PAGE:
Featured in February 2004
See what was in this issue of Real Simple.
FeaturesHome Goods, pg. 98
Whether you already have furniture or you're starting from scratch, you can freshen up the rooms where you sleep, eat, and live with these foolproof decorating shortcuts.
Make Over Your Diet, Step-by-Step, pg. 108
Three women with very different lives (and cravings) find the meal plans that are most practical, healthy, and satisfying for them.
Right Hair, Right Now, pg. 116
If you're still sporting your junior-high bowl cut or all-nighter ponytail, you're probably in a hairstyle rut. Take heart: Finding the look that's just right is easier than you think.
Organize Your Organizing Systems, pg. 122
Another New Year is upon us. What better time to finally get everything ― from your address book to the kitchen shelves under control?
Portrait of a Marriage, pg. 130
Jeff and Ellen Stanclift recall their 16 years together for better and for worse, and reveal their secrets for compromise, romance, and enduring love.
Meals Made Easy, pg. 145
Two rotisserie chickens, many hearty meals: Broccoli Spaghetti, Ginger Chicken Soup with Vegetables, Chicken Sandwiches with Melted Cheese, and more.
DepartmentsIn Every Issue
- Thoughts, pg. 6
- Why Not... , pg. 8
- Editor’s Note, pg. 14
- Contributors, pg. 22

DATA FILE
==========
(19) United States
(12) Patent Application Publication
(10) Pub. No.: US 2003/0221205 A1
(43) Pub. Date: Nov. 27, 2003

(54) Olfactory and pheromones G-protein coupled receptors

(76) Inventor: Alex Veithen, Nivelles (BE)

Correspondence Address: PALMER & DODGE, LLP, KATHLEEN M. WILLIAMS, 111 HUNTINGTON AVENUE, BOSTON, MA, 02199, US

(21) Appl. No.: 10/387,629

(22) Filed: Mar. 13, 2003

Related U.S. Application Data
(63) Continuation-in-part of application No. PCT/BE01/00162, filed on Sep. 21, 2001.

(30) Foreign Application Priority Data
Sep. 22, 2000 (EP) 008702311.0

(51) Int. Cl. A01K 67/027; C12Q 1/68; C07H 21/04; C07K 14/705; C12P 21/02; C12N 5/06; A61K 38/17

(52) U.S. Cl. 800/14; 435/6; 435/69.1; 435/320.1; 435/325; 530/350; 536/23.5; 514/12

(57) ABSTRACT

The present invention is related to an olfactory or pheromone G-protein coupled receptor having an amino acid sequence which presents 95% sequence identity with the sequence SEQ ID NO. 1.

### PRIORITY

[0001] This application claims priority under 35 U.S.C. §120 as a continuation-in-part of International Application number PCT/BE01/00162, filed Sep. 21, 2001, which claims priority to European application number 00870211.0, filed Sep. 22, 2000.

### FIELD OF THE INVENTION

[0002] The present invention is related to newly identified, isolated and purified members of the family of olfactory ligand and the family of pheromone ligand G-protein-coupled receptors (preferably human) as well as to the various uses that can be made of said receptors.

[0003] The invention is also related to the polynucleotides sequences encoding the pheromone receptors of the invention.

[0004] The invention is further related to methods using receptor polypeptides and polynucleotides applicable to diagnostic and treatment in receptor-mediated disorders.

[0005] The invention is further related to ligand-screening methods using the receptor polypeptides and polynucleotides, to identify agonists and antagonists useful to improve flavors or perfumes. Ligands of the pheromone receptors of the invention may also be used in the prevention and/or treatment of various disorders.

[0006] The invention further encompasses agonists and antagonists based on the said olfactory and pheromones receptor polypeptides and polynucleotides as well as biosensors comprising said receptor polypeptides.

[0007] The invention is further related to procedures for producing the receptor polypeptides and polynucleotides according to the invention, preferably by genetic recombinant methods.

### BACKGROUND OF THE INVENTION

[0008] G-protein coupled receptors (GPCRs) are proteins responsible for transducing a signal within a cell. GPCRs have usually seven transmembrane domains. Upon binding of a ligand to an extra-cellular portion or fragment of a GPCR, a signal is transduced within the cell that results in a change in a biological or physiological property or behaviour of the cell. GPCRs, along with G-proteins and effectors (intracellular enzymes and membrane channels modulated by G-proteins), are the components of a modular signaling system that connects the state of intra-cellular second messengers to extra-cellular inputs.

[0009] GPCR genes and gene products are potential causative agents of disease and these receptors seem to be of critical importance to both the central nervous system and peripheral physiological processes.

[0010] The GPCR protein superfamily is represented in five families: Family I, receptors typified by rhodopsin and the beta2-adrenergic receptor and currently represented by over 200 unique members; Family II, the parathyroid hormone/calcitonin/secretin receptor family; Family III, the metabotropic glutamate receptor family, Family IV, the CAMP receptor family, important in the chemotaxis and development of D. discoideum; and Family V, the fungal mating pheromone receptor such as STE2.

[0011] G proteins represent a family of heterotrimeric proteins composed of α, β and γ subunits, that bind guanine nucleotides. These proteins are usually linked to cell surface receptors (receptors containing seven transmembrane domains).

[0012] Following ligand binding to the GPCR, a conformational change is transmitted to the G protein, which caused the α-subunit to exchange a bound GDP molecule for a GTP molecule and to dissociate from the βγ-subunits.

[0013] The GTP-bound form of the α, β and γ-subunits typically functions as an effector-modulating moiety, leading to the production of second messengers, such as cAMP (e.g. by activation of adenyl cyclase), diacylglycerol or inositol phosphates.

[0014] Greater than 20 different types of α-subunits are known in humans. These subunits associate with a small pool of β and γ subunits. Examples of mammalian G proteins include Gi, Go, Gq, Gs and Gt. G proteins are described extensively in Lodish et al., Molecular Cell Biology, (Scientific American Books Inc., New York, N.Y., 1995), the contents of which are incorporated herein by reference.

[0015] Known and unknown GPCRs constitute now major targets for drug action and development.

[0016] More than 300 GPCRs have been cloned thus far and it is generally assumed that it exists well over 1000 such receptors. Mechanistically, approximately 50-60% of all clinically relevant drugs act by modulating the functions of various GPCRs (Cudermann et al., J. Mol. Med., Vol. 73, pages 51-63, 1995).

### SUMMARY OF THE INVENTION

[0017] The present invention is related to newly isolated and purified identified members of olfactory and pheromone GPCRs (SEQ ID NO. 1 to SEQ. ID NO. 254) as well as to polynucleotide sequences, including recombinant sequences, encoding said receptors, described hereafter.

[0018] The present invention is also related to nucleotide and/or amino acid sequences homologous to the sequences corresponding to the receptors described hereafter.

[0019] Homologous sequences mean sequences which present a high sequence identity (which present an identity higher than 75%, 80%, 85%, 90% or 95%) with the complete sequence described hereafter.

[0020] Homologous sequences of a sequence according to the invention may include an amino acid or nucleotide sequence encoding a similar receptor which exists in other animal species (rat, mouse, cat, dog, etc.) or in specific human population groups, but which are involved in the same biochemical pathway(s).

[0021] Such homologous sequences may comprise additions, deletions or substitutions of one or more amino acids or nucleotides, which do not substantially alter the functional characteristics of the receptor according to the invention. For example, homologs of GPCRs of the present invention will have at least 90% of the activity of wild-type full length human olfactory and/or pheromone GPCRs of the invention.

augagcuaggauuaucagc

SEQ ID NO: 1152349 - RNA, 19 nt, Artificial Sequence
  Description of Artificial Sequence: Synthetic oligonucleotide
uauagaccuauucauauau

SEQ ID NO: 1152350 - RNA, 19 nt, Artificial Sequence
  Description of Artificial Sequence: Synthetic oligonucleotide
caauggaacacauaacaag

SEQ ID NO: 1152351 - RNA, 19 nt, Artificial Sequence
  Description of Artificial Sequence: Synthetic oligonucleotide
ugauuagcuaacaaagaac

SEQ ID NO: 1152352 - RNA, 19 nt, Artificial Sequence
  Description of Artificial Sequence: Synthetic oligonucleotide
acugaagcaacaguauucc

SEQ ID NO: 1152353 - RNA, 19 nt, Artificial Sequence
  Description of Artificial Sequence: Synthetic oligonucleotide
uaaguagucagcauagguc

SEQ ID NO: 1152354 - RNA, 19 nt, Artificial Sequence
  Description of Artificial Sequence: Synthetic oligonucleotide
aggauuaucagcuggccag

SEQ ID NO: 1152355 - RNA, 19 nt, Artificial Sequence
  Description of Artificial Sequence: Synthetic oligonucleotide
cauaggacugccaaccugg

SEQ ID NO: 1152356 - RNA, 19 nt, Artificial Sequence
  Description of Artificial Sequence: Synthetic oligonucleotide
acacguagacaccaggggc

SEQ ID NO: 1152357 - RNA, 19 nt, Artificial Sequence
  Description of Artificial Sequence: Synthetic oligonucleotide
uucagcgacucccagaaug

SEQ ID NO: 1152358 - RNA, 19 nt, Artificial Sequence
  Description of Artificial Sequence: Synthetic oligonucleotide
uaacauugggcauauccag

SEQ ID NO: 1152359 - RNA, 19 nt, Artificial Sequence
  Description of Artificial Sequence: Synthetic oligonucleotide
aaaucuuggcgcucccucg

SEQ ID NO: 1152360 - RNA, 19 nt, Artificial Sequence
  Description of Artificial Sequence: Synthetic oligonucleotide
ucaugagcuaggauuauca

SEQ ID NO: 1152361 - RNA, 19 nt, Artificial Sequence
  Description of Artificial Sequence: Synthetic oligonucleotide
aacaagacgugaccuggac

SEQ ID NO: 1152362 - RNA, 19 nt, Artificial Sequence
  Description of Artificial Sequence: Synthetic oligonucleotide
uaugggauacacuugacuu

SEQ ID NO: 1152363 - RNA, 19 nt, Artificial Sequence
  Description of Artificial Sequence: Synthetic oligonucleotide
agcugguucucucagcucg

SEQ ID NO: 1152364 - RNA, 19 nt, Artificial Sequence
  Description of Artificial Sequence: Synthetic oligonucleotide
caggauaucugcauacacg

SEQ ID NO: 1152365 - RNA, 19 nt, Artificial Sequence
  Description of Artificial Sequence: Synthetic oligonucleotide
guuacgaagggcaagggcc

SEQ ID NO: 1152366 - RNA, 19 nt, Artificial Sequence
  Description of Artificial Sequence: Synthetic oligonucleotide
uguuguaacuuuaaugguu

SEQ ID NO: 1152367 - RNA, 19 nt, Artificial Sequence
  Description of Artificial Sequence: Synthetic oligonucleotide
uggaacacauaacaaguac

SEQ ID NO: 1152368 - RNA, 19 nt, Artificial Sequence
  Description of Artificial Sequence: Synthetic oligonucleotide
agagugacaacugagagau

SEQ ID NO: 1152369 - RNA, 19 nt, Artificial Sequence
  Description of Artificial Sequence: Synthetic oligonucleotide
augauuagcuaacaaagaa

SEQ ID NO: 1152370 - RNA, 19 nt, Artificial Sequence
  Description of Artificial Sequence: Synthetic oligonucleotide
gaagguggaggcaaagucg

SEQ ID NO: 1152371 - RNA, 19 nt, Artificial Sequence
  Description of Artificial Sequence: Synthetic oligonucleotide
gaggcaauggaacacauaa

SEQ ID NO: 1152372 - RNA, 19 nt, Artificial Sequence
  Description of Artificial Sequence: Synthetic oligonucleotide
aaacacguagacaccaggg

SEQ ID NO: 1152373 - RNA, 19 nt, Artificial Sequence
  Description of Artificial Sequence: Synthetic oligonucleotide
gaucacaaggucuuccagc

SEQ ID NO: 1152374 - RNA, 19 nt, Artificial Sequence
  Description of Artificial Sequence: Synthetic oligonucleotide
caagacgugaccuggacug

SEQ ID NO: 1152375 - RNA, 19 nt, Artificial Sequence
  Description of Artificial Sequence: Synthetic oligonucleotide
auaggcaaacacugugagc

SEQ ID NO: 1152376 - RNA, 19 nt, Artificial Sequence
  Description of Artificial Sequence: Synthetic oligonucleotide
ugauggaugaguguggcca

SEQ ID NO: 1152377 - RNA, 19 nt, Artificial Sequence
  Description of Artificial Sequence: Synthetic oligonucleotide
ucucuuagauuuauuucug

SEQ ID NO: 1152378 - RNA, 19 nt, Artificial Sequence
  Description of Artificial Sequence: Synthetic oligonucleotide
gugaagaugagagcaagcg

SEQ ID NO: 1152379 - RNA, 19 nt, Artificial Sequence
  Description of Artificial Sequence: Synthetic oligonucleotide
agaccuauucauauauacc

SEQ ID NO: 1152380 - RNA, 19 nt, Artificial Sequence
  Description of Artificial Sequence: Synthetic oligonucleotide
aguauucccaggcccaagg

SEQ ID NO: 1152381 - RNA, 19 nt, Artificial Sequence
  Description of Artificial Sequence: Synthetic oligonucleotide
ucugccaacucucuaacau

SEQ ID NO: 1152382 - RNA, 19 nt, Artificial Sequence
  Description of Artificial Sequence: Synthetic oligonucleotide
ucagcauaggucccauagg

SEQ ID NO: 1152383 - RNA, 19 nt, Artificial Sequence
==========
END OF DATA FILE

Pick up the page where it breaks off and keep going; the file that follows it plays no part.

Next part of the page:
- Your Words, pg. 25
- What’s the nicest thing anyone has ever done for you?
- Credits, pg. 164
- Real Complex, pg. 166
SolutionsNew Uses for Old Things, pg. 33
- Make the most of coffee filters and leftover candy canes
- Shake up those same-old, same-old soups
- Cereal boxes get a smart top; flash cards translate hip-hop
- Chili Pie
- The best supermarket chocolate, pg. 47
- Disguising takeout as homemade, pg. 51
- Pants that go with everything, pg. 57
- Bras for all body types, pg. 63
- Winter-proof your skin, hair, and eyes, pg. 69
- How to cope with rude strangers, pg. 77
- The right lightbulb for every room, pg. 85
- Learning Manual, pg. 155
- With the sudden, devastating loss of her young daughter, writer Ann Hood saw her world unravel. Knitting became coping, and stitch by stitch, she put her life back together again.
- Can We Talk, pg. 160
- Some of the most maddening family conflicts with parents, with kids arise from generational differences. Sheila Heen reveals five ways to bridge the gaps.